Letters to a Young Calvinist: An Invitation to the Reformed Tradition
Who would have guessed that something as austere as Calvinism would become a hot topic in today's postmodern culture? At the five hundredth anniversary of John Calvin's birth, new generations have discovered and embraced a "New Calvinism" with fervor and zeal, finding in the Reformed tradition a rich theological vision. In fact, Time cited New Calvinism as one of "10 Ideas Changing the World Right Now."
Letters to a Young Calvinist provides pastoral and theological counsel, encouraging converts to and participants in this tradition to find in Calvin a vision that's even bigger than the New Calvinism might suggest. Noted Reformed philosopher James K. A. Smith contends that much of what traffics under the banner of New Calvinism reduces "Reformed" to a narrow concern with Calvinistic soteriology. Smith introduces New Calvinists to the "world-formative" Christianity that was unleashed with the Reformation, presenting the Reformed tradition as an Augustinian renewal movement within the church catholic. Offering wisdom at the intersection of theology and culture, he also provides pastoral caution about pride and maturity.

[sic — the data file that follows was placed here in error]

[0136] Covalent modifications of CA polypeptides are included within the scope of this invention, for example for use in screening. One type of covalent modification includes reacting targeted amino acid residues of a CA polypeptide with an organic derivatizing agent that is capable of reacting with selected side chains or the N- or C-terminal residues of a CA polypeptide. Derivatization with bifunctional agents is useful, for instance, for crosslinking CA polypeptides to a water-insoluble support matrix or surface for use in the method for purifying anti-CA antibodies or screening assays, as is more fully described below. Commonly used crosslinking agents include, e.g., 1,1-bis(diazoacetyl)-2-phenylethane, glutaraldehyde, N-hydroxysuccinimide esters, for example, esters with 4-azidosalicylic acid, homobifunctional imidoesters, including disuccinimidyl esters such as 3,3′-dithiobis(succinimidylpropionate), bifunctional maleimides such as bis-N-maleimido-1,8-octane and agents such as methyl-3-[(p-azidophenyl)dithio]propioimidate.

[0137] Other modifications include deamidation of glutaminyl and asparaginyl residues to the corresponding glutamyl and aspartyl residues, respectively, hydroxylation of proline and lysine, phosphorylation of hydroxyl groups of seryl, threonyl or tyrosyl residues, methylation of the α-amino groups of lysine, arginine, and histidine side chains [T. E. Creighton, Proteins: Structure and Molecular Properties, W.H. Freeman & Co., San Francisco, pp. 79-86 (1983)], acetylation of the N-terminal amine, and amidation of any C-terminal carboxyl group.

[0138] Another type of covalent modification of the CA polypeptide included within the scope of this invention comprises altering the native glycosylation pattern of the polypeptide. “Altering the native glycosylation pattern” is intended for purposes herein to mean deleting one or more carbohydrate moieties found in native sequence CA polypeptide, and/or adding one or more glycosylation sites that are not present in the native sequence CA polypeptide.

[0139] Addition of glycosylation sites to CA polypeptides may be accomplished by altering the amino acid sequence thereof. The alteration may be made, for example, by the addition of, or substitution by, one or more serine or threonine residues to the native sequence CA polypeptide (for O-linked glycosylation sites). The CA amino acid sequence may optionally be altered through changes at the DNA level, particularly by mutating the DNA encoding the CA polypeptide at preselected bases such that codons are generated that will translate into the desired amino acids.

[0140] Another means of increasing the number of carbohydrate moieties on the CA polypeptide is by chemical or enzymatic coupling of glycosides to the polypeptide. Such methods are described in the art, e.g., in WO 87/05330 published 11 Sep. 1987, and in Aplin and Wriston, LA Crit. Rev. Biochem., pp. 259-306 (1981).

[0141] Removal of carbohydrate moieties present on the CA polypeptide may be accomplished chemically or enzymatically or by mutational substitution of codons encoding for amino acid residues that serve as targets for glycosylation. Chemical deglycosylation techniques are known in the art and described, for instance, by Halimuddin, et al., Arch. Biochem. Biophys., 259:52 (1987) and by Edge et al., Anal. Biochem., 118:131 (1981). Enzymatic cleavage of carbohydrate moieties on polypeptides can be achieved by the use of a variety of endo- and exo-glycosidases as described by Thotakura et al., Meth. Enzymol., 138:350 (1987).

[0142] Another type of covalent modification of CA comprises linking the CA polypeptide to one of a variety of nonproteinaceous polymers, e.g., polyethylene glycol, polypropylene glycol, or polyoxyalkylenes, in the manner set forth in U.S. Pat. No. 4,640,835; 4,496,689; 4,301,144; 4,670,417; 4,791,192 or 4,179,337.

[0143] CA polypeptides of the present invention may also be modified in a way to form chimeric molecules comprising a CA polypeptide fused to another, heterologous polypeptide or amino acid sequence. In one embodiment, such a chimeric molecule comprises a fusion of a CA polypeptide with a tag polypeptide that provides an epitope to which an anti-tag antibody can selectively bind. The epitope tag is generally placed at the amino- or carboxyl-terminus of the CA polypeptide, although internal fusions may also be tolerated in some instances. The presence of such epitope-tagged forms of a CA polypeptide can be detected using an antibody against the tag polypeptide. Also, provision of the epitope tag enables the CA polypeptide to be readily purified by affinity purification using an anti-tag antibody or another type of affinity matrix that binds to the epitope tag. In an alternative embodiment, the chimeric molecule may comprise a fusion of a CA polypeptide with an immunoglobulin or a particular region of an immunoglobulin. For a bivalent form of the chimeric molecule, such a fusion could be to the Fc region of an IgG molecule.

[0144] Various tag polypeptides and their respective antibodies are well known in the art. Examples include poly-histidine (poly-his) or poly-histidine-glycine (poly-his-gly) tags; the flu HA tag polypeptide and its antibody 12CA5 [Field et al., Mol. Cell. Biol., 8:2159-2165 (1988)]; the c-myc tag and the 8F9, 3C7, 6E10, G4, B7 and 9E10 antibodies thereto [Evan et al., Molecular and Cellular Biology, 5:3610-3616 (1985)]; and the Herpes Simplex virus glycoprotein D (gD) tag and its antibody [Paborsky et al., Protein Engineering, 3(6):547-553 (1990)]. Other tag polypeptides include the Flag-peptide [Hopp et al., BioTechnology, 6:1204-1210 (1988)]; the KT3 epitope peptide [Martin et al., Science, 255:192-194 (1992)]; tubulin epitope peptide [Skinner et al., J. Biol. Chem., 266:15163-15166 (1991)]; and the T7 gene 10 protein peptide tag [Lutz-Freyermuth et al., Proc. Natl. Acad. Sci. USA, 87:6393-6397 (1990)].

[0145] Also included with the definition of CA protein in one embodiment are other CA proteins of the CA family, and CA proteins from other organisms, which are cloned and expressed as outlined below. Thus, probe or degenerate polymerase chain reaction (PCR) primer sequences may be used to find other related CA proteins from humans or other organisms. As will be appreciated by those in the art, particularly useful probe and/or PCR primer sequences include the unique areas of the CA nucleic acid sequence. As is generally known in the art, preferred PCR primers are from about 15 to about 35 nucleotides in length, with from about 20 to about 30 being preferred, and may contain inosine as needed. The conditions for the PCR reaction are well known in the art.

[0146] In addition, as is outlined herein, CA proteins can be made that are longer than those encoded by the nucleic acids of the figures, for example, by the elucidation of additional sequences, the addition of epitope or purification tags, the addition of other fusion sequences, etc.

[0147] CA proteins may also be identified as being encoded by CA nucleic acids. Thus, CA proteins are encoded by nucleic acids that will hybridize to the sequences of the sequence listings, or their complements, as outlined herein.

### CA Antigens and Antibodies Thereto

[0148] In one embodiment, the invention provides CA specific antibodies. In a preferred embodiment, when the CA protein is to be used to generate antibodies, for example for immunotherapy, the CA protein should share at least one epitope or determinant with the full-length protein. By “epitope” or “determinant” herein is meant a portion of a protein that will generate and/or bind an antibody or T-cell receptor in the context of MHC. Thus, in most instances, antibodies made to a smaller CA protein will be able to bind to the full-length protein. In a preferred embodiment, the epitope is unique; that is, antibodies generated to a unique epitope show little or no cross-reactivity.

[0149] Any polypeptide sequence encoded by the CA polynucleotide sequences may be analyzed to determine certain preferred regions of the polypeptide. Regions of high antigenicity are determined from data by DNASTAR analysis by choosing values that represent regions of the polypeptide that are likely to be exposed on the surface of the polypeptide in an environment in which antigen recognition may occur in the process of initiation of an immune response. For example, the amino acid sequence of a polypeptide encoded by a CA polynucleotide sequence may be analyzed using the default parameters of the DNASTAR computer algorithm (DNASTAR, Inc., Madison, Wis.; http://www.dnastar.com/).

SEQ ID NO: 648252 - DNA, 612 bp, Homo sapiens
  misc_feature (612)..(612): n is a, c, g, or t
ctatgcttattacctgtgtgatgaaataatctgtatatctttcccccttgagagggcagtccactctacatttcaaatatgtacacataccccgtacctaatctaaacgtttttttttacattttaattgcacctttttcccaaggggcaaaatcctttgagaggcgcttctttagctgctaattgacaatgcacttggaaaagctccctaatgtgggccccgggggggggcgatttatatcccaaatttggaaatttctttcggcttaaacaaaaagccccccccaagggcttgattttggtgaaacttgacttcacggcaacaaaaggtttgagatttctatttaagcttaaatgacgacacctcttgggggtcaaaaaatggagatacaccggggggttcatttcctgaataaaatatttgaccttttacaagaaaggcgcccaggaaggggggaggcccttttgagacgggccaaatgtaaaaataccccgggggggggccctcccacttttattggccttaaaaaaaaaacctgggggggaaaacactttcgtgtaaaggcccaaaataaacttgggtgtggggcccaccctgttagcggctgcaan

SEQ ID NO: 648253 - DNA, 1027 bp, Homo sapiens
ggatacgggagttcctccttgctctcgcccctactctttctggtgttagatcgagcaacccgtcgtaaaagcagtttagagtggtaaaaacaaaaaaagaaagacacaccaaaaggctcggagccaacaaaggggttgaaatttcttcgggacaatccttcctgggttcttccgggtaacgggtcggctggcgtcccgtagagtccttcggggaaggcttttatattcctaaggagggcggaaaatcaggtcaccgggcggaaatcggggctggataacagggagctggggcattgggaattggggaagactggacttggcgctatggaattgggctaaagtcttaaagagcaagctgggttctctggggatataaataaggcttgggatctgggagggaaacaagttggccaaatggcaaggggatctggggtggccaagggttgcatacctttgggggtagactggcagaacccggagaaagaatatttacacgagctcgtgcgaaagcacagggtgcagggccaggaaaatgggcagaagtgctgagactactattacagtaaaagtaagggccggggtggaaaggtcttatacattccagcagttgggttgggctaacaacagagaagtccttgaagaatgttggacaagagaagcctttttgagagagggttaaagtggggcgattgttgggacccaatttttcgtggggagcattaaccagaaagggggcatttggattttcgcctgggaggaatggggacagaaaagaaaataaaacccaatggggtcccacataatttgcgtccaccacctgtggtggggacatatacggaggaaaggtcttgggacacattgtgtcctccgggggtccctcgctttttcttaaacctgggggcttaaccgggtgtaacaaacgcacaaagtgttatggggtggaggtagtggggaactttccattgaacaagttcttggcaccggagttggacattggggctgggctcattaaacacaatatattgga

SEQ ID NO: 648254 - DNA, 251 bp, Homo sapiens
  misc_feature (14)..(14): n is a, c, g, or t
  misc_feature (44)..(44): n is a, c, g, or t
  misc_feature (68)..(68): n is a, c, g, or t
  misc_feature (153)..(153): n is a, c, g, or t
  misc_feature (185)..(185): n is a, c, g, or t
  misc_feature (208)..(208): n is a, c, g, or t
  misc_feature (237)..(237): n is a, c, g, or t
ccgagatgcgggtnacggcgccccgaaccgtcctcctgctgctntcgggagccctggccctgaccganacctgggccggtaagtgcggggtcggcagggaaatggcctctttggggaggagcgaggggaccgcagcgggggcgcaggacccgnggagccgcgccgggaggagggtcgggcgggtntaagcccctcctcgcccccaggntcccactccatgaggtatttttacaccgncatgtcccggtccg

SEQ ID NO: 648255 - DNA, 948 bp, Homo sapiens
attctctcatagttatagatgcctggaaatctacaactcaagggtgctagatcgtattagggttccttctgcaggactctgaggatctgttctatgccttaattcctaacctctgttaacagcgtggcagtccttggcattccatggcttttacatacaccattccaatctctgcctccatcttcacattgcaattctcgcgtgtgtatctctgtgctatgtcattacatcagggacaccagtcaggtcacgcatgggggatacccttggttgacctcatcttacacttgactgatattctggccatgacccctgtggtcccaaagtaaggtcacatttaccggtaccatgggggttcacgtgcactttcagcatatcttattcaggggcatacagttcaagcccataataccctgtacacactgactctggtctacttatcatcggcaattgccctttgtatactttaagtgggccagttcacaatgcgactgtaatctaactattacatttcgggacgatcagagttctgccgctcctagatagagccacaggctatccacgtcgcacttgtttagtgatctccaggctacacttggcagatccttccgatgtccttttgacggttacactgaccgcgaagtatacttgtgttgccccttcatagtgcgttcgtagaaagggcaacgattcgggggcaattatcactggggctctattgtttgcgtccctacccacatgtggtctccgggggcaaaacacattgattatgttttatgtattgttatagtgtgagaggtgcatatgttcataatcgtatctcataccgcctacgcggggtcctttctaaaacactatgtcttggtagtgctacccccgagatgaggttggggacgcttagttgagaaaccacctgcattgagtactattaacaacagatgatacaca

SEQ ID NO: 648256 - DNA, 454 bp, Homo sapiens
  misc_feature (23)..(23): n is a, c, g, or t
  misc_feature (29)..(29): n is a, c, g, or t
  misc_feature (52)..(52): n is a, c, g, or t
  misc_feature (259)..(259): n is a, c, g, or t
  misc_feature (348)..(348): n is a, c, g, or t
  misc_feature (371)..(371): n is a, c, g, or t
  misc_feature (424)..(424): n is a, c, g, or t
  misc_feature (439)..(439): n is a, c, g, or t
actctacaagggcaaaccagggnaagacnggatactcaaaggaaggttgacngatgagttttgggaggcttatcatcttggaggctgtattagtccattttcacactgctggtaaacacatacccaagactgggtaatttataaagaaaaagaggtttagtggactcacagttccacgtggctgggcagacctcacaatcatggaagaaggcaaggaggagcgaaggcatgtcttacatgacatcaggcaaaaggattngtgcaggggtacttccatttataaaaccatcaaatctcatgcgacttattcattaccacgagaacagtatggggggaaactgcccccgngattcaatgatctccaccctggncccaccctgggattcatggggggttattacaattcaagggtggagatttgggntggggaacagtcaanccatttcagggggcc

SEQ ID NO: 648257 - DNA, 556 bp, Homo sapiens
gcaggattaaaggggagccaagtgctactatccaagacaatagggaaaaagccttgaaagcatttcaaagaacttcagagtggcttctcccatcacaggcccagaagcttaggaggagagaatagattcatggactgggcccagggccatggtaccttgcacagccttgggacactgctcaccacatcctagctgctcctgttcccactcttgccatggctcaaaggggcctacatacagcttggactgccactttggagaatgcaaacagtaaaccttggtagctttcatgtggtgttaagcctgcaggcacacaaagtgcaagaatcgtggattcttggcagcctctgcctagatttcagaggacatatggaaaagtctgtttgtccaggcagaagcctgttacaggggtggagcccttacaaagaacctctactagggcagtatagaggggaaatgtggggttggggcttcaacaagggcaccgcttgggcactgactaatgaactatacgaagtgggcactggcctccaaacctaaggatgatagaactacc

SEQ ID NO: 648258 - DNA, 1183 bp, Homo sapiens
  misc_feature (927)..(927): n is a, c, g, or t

The creative and accessible letter format invites young Calvinists into a faithful conversation that reaches from Paul and Augustine through Calvin and Edwards to Kuyper and Wolterstorff. Together these letters sketch a comprehensive vision of Calvinism that is generous, winsome, and imaginative.
About the Author
James K. A. Smith (PhD, Villanova University) is professor of philosophy at Calvin College in Grand Rapids, Michigan, where he also serves in the department of congregational and ministry studies. He has been a visiting professor at Calvin Theological Seminary, Reformed Theological Seminary (Orlando), Fuller Theological Seminary, and Regent College. He is the author or editor of many books, including the Christianity Today award-winners Who's Afraid of Postmodernism? and Desiring the Kingdom, and editor of the well-received Church and Postmodern Culture series (www.churchandpomo.org).